As you can see, Tier 1 issues crop up and contribute to movement dysfunction, but issues in movement contribute back to hormonal and nervous system dysfunction too. We know our capacity to move even improves our ability to learn and form memories!
The one way to tell someone’s age from afar is by watching how they move. If you are regularly engaging in activities that reduce your movement ability, you are effectively aging yourself. The reverse is also true however! Moving better makes you effectively younger and fitter, as a mobile, stable body has access to it’s full natural fitness:
Balance – issues with balance are more often actually problems with stability. Balancing on one leg with poor core control or hip stability is difficult. For the stronger folks reading this – have you ever worked up to a heavy set of a split squat or similar single leg exercise? If so, I bet as you neared your max weight, you suddenly found it was hard to balance. What gives? You were fine before. What happened is your load reached a threshold where you couldn’t stabilize a certain joint anymore, so your nervous system no longer got the right inputs to keep you balanced. Many people need no loading to reach this point.
Reaction time – a tense, rigid musculoskeletal system is not giving great feedback to the brain and spinal cord. As a result, reactions are slower and less accurate. Think of it like having a lot of static in the line. What was that you said?
At 50 years old, I now can react at what feels like instantaneous speed. I know I never could moved like that when I was younger; it’s almost shocking. Working on your movement really can pay off.
Endurance – a body that moves smoothly, as it’s designed, is by definition an efficient body. You are not wasting energy fighting against yourself. The more efficient, the more enduring you are. And, if you apply some endurance training, you’ll reap the full benefit.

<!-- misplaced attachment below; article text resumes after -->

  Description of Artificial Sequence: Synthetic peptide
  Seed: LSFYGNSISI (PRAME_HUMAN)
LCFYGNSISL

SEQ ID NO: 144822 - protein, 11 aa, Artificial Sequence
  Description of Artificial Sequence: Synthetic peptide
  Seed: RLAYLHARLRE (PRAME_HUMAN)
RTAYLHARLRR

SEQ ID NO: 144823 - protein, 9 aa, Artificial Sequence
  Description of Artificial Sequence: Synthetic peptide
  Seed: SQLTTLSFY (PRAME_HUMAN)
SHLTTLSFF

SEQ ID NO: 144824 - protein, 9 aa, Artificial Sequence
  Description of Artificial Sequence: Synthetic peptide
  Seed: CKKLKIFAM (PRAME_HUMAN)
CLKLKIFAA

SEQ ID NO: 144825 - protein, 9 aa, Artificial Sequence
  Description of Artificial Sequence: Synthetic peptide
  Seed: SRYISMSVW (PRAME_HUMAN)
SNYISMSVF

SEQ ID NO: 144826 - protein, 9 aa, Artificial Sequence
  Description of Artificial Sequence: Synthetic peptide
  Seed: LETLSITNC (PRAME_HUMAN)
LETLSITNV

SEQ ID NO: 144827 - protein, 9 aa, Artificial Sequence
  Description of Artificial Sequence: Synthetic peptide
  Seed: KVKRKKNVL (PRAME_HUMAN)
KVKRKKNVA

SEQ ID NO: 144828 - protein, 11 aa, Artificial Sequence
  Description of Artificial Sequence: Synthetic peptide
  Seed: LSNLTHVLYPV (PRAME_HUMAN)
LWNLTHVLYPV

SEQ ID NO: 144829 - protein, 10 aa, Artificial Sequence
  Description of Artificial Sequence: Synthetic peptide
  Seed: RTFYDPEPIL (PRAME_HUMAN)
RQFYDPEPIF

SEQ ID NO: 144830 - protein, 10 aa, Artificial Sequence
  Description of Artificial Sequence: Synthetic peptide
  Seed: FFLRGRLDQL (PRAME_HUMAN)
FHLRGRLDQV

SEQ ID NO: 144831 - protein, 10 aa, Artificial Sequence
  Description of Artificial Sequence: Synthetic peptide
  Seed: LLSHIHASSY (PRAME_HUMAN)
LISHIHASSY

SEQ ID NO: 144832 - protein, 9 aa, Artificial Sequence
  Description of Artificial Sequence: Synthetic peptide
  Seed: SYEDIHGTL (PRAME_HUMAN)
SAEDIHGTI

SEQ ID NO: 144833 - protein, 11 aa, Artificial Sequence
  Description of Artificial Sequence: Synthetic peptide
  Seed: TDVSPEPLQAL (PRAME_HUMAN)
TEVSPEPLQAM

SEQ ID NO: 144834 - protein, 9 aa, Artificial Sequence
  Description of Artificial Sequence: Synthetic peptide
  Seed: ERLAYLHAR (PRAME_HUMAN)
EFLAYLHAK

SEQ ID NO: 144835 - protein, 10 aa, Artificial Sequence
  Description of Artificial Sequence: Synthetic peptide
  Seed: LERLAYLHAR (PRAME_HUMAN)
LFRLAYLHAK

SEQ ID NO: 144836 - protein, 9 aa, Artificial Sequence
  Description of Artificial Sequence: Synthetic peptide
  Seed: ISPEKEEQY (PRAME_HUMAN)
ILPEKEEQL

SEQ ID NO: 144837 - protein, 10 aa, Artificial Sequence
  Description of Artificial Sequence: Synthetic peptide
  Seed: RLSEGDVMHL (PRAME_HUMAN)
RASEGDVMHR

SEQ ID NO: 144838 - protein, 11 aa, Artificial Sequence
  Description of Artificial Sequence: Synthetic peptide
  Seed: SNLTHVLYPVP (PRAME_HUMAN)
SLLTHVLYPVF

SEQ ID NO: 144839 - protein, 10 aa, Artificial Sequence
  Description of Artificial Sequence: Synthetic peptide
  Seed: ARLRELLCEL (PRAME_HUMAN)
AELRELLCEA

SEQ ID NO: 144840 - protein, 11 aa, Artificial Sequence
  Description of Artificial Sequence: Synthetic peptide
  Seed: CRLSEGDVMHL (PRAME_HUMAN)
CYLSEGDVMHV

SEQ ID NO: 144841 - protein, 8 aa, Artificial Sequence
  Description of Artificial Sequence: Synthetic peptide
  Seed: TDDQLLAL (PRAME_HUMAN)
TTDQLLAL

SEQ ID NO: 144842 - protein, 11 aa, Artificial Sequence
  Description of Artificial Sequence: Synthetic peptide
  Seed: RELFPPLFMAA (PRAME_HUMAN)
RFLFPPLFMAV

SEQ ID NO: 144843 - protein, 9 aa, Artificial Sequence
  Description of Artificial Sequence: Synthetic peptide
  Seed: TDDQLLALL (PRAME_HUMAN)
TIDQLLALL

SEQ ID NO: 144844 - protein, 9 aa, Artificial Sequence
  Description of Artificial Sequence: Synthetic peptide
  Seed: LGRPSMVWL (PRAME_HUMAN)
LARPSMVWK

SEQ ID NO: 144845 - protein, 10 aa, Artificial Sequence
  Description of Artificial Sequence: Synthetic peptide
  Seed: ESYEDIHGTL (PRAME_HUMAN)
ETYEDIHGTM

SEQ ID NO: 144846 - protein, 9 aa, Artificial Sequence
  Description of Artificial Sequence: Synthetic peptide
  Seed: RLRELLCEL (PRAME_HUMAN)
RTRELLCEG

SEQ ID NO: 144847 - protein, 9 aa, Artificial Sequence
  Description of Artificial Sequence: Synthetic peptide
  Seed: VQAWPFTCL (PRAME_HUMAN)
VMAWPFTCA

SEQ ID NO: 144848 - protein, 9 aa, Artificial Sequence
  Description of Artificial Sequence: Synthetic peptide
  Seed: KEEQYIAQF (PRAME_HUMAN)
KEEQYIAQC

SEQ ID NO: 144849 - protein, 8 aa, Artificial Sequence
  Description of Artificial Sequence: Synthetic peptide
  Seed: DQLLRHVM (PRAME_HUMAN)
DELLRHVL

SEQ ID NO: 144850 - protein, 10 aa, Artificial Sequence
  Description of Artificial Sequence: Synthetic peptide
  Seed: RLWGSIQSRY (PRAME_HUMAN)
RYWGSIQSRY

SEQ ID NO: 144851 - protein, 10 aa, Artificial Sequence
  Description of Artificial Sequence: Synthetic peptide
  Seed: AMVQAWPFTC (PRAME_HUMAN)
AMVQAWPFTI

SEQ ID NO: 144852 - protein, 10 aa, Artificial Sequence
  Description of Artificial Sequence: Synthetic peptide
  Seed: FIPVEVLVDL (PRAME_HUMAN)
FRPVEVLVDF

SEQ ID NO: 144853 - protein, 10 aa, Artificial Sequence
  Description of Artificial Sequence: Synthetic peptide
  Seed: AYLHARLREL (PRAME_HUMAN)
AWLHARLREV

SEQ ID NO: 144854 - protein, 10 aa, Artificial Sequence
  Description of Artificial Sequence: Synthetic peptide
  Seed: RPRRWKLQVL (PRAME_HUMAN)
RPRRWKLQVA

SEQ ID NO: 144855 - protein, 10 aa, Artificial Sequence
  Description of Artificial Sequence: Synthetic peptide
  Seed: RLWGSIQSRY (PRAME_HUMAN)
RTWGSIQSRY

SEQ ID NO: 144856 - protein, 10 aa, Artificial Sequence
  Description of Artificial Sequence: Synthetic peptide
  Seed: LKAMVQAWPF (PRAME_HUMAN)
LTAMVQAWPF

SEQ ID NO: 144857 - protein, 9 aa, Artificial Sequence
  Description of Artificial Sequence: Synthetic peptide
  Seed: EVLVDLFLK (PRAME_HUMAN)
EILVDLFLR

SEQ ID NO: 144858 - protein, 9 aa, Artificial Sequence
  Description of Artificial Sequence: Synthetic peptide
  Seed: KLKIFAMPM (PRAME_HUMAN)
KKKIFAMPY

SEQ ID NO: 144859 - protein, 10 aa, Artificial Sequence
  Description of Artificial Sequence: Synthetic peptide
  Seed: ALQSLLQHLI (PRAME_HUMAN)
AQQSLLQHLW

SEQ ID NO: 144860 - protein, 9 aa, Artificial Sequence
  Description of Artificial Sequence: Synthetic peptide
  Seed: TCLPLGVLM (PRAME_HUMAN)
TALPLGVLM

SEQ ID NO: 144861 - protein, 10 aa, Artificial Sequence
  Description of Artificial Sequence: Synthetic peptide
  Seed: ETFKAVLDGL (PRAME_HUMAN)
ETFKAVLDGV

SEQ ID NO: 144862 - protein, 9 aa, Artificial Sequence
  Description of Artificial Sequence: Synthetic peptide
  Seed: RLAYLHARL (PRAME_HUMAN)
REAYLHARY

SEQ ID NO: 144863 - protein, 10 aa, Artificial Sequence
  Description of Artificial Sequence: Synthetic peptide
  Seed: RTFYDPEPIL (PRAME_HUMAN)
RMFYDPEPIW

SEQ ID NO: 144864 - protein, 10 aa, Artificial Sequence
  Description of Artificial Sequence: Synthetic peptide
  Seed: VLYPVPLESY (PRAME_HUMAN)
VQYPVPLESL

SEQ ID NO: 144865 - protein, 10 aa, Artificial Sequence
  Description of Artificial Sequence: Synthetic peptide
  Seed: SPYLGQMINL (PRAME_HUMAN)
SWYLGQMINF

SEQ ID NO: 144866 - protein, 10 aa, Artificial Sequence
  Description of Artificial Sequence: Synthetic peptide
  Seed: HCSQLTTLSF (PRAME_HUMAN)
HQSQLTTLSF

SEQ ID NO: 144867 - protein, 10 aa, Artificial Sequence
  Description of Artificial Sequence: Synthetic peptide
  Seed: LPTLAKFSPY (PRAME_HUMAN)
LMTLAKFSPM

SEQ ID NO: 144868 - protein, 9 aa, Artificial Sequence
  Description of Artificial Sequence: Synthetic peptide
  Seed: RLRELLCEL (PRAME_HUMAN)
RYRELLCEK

Strength – with joints that move and stabilize as they should, you’ll have full access to your present strength potential. And, as with endurance, you’ll benefit much more from actual strength training.
Speed – anyone that is actually fast has good movement patterns, period. More than any activity, true sprinting is a recipe for disaster if you have poor movement.
Coordination/motor learning – ability to move well gives much more and better inputs to the nervous system, as a result your coordination and ability to learn is increased. The more competence you have in a variety of positions and movements means faster adaption to tasks that may be similar.
So, what do you do if you want to move? Work on it as seriously as any other fitness quality like strength. Ten minutes in your warmup or after you are tired from your workout isn’t going to cut it unfortunately.
Balance the foundation – read last week’s article and start there if you haven’t. You’ll be fighting an uphill battle otherwise.
Move the joints, get back full function. Make a simple morning routine where you take each joint thru it’s full range of motion for 2-3 reps. This should only take a few minutes. Use this to check in on how you are functioning for the day, plus you will move better all day if you do this. Dedicate other sessions to develop this further.
Train to stabilize your core, foot, and shoulder. This should come before adding other external loads!
Learn to breathe correctly. Practice supine belly breathing at a cadence of 4 sec inhalation and 6 sec exhalation. This increases relaxation, activates the parasympathetic nervous system, and relaxes the muscles. Also, work on exhalation training – learning to expel all your air. This will help you move better, as the joints center better when you are not stuck in a state of inflation and extension.
Perform compensatory work – to prevent any activity we repeat often from becoming part of the problem, we must also spend some time working the functional opposite. A simplistic example that most will recognize is that if you train your biceps, it’d be foolish not to train your triceps also. This helps to keep the body balanced, but also helps you get closer to your potential. Even if you only cared about how much you could curl, at some point, you could curl all you want, but you wouldn’t get any stronger as your body won’t let you get too far out of balance. But, when we think of movements, the same is true as well and it isn’t as obvious. An example of this that few recognize is if you spend a lot of time training to keep your torso rigid under heavy loads, you must also dedicate some time to keeping it mobile in all directions. This is why most strength athletes’ spines appear fixed and immobile, but it doesn’t have to be this way.
So, I hope I have given you more food for thought. In the next post, we’ll look at the final tier that should be icing on the cake. Unfortunately, it’s instead where most begin and end!